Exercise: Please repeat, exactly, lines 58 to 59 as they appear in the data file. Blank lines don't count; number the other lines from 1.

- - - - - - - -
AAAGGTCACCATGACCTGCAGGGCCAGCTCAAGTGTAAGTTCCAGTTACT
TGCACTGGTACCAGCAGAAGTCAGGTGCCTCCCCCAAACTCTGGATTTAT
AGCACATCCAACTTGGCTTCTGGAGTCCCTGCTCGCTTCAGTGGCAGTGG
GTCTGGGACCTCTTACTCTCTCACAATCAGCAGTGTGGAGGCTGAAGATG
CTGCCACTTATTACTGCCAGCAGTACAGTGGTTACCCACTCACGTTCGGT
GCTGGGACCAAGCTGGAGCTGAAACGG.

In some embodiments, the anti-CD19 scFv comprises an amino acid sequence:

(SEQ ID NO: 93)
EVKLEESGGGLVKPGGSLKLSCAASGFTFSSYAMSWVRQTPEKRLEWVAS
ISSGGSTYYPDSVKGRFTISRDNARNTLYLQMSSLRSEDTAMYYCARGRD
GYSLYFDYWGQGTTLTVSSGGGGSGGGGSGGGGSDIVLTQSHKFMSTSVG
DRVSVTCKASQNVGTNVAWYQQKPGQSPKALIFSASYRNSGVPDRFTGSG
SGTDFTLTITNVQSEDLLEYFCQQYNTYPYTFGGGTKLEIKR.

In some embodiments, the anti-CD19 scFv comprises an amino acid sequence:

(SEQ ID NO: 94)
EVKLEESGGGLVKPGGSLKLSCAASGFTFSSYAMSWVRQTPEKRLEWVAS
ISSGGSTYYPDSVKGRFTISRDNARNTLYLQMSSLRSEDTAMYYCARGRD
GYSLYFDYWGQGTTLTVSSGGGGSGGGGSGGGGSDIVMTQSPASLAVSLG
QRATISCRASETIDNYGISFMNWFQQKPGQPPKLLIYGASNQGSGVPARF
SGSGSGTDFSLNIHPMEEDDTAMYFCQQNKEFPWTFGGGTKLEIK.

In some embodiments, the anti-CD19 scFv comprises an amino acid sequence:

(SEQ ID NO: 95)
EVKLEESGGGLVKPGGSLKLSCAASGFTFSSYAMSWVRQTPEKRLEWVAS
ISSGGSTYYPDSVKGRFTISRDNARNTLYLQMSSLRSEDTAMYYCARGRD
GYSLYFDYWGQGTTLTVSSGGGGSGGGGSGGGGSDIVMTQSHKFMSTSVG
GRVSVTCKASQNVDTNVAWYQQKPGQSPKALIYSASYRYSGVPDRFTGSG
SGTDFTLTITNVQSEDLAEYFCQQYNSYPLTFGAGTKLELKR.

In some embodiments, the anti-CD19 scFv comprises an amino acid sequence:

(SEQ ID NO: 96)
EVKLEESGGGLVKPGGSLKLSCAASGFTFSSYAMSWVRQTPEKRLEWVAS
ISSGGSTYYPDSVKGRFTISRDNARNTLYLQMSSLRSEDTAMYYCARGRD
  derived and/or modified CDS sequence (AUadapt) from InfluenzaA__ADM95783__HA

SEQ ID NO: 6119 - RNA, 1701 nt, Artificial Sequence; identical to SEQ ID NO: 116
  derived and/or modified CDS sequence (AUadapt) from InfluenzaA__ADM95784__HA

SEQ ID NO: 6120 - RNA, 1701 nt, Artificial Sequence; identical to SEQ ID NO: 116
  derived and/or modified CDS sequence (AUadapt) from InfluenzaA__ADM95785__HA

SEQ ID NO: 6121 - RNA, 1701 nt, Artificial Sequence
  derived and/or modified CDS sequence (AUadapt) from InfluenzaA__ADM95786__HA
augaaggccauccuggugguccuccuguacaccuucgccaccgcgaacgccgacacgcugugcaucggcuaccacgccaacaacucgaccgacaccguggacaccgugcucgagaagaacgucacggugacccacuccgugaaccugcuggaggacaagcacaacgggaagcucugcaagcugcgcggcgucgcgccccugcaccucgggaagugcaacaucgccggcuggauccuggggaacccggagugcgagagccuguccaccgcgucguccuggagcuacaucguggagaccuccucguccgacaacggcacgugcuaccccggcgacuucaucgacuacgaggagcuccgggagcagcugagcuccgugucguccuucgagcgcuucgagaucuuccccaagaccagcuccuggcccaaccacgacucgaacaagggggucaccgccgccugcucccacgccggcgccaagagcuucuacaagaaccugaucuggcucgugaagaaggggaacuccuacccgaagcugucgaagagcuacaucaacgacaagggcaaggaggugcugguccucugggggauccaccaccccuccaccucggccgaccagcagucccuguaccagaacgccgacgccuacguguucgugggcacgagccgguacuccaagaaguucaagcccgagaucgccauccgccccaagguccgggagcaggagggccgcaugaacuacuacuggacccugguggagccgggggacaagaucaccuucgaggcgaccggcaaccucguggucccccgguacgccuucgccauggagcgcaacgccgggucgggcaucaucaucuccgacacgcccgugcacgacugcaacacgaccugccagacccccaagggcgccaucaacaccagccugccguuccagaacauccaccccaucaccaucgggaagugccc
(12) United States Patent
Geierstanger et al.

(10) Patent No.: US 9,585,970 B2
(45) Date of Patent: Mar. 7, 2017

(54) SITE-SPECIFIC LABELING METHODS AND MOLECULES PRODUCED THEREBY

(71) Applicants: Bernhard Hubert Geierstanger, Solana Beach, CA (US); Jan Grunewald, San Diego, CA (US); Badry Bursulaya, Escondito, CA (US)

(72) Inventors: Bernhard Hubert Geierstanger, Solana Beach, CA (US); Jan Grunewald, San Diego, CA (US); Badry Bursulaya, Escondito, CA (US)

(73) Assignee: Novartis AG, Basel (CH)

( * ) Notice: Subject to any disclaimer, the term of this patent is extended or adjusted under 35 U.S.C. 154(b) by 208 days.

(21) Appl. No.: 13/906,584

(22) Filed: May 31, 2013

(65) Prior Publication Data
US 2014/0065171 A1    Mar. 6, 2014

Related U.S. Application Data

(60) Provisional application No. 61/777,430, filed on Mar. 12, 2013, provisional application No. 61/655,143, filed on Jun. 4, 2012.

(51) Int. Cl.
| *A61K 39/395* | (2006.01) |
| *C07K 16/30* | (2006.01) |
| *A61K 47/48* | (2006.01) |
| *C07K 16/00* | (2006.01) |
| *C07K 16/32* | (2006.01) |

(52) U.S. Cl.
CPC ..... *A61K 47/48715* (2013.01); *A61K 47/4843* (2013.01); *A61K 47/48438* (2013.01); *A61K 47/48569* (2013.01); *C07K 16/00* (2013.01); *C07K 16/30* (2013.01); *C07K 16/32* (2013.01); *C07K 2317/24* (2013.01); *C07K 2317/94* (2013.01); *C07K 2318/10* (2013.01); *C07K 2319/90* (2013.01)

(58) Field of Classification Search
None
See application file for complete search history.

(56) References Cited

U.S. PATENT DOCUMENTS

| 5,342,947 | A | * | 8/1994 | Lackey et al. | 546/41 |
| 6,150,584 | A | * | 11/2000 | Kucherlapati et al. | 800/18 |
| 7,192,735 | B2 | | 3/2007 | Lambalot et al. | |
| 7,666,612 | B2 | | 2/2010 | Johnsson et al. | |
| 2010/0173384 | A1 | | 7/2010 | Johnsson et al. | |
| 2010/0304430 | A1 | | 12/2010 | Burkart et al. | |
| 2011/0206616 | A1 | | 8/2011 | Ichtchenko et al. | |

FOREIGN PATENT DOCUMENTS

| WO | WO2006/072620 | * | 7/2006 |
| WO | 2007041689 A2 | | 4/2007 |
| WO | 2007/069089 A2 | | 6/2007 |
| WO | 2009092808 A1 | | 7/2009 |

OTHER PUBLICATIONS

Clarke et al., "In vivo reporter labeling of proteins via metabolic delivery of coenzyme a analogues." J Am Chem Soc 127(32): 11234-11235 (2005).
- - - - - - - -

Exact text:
| *A61K 47/48* | (2006.01) |
| *C07K 16/00* | (2006.01) |